Literacy has always been a collection of cultural and communicative practices shared among members of groups. As society and technology change, so does literacy. Because technology has increased the intensity and complexity of literate environments, the 21st century demands that a literate person possess a wide range of abilities and competencies, many literacies.
These literacies are multiple, dynamic, and malleable. As in the past, they are inextricably linked with particular histories, life possibilities, and social trajectories of individuals and groups. Active, successful participants in this 21st century global society must be able to obtain new forms of literacy, which is facing educators and facilitators with new challenges to teach new, ICT based,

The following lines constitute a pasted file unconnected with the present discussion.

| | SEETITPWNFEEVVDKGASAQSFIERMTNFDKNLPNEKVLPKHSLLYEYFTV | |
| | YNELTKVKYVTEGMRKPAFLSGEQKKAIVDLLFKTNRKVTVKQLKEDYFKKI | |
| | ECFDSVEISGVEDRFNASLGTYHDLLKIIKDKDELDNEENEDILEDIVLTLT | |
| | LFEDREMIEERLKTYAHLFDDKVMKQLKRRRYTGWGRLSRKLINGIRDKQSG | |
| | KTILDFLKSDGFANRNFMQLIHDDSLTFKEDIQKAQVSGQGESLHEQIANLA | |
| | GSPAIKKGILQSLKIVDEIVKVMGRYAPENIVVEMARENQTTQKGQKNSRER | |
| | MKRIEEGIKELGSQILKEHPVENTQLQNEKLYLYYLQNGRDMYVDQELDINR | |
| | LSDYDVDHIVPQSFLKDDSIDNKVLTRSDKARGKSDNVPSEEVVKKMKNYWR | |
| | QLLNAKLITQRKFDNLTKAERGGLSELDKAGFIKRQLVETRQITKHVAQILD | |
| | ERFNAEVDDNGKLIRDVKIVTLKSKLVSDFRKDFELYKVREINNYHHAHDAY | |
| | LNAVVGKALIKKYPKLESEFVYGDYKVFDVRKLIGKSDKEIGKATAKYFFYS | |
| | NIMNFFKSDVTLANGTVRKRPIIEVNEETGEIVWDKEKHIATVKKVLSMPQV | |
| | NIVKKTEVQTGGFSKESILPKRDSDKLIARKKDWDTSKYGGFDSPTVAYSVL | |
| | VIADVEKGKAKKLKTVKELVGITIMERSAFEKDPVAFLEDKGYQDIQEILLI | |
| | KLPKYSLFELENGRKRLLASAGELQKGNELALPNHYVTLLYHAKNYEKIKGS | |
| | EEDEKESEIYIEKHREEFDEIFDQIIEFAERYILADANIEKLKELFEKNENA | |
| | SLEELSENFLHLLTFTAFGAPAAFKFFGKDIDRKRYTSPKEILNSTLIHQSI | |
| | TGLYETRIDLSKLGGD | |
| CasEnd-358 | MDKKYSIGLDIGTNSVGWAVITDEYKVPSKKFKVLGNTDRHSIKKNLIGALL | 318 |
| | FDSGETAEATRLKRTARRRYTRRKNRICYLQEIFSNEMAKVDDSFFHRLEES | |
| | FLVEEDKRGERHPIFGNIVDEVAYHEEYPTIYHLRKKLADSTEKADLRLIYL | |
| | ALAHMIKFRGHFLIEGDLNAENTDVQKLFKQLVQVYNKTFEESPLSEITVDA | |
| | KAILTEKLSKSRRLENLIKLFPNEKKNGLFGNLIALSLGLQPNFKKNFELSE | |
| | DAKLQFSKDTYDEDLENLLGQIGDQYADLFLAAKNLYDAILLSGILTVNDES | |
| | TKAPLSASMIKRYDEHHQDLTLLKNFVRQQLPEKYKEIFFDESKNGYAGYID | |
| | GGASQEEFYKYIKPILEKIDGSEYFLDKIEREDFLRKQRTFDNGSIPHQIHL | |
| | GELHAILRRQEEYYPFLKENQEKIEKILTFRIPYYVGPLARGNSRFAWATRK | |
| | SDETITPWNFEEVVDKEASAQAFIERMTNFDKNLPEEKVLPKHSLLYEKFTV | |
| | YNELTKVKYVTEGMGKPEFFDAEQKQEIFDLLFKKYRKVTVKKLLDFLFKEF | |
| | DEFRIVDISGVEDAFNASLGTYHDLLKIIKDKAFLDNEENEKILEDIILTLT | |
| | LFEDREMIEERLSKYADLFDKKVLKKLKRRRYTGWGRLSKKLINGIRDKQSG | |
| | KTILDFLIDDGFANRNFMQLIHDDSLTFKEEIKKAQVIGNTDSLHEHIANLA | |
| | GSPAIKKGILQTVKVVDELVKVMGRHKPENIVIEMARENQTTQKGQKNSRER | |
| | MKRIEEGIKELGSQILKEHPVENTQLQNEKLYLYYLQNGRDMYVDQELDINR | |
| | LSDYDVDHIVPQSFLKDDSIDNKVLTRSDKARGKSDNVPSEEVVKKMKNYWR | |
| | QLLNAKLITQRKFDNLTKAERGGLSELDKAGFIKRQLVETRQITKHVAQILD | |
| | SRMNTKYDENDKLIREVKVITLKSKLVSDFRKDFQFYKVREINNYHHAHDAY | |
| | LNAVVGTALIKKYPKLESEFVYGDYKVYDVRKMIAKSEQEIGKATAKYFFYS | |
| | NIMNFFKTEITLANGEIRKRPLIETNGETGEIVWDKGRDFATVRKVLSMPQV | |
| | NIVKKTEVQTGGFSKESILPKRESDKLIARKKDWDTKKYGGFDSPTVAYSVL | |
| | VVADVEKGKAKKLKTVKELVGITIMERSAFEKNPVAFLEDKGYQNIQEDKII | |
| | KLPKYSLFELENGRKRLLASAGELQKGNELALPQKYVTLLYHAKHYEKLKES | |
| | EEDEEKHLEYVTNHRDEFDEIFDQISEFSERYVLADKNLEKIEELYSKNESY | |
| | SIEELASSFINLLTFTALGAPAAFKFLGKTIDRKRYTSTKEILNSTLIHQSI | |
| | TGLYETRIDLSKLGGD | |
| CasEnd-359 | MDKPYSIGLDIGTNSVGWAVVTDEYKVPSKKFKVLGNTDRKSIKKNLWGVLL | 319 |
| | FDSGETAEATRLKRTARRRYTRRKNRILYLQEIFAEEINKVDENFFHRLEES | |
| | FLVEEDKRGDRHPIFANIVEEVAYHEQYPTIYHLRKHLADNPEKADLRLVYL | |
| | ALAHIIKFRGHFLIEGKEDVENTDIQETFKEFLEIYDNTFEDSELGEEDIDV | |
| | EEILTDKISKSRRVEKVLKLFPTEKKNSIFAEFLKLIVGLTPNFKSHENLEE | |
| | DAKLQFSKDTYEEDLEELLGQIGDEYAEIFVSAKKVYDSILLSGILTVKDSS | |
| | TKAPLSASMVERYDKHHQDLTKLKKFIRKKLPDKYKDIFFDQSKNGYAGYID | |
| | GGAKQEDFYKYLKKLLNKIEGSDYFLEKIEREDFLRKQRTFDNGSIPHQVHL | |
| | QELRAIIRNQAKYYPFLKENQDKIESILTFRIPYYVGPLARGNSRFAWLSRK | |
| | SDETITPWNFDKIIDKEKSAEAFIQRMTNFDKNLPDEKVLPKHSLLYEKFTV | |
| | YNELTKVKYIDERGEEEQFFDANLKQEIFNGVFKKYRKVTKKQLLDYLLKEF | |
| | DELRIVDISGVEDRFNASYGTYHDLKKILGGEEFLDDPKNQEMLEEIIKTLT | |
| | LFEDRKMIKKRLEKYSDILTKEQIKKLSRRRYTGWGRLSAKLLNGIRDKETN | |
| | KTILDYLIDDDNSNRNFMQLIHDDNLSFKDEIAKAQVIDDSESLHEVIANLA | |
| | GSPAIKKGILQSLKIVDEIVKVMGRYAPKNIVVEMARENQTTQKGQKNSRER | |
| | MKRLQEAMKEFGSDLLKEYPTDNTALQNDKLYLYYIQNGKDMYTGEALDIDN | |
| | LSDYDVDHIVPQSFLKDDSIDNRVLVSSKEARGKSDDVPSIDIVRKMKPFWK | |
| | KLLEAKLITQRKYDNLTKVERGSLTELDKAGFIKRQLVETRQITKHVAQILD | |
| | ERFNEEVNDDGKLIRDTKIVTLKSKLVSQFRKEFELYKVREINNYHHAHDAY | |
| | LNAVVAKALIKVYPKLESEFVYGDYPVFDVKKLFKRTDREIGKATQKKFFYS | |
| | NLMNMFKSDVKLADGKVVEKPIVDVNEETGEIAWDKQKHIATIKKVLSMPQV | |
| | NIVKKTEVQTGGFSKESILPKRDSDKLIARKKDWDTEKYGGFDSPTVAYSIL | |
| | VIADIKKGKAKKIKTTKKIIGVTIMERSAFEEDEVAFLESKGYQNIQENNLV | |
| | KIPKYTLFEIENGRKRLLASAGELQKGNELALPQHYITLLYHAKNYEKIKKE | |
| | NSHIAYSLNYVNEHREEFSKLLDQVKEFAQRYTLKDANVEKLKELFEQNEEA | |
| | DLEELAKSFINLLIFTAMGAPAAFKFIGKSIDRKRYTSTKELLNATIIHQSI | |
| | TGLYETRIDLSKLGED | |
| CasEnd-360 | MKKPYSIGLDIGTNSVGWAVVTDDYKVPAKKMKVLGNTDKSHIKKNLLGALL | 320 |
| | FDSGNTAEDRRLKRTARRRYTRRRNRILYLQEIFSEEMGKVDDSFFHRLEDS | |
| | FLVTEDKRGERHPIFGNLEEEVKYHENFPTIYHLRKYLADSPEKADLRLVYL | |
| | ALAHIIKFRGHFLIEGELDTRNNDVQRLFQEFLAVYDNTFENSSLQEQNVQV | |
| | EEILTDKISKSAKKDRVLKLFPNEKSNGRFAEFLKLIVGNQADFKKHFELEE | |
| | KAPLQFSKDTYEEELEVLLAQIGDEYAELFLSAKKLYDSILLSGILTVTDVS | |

innovative curricula with new innovative tools. The 21st century literacy contains:
Digital Literacy – the ability to communicate with an ever-expanding community to discuss issues, gather information, and seek help;
Global Literacy – the capacity to read, interpret, respond, and contextualize messages from a global perspective;
Visual Literacy – the ability to understand, produce, and communicate through visual images;
Technology Literacy – the ability to use computers and other technology to improve learning, productivity, and performance;
Information or Media Literacy – the ability to find, evaluate and synthesize information.
The integration of those skills is innovative and needed. The European Commission stated in the Digital Framework for European Citizens 2016 that those Competences are needed for all citizen.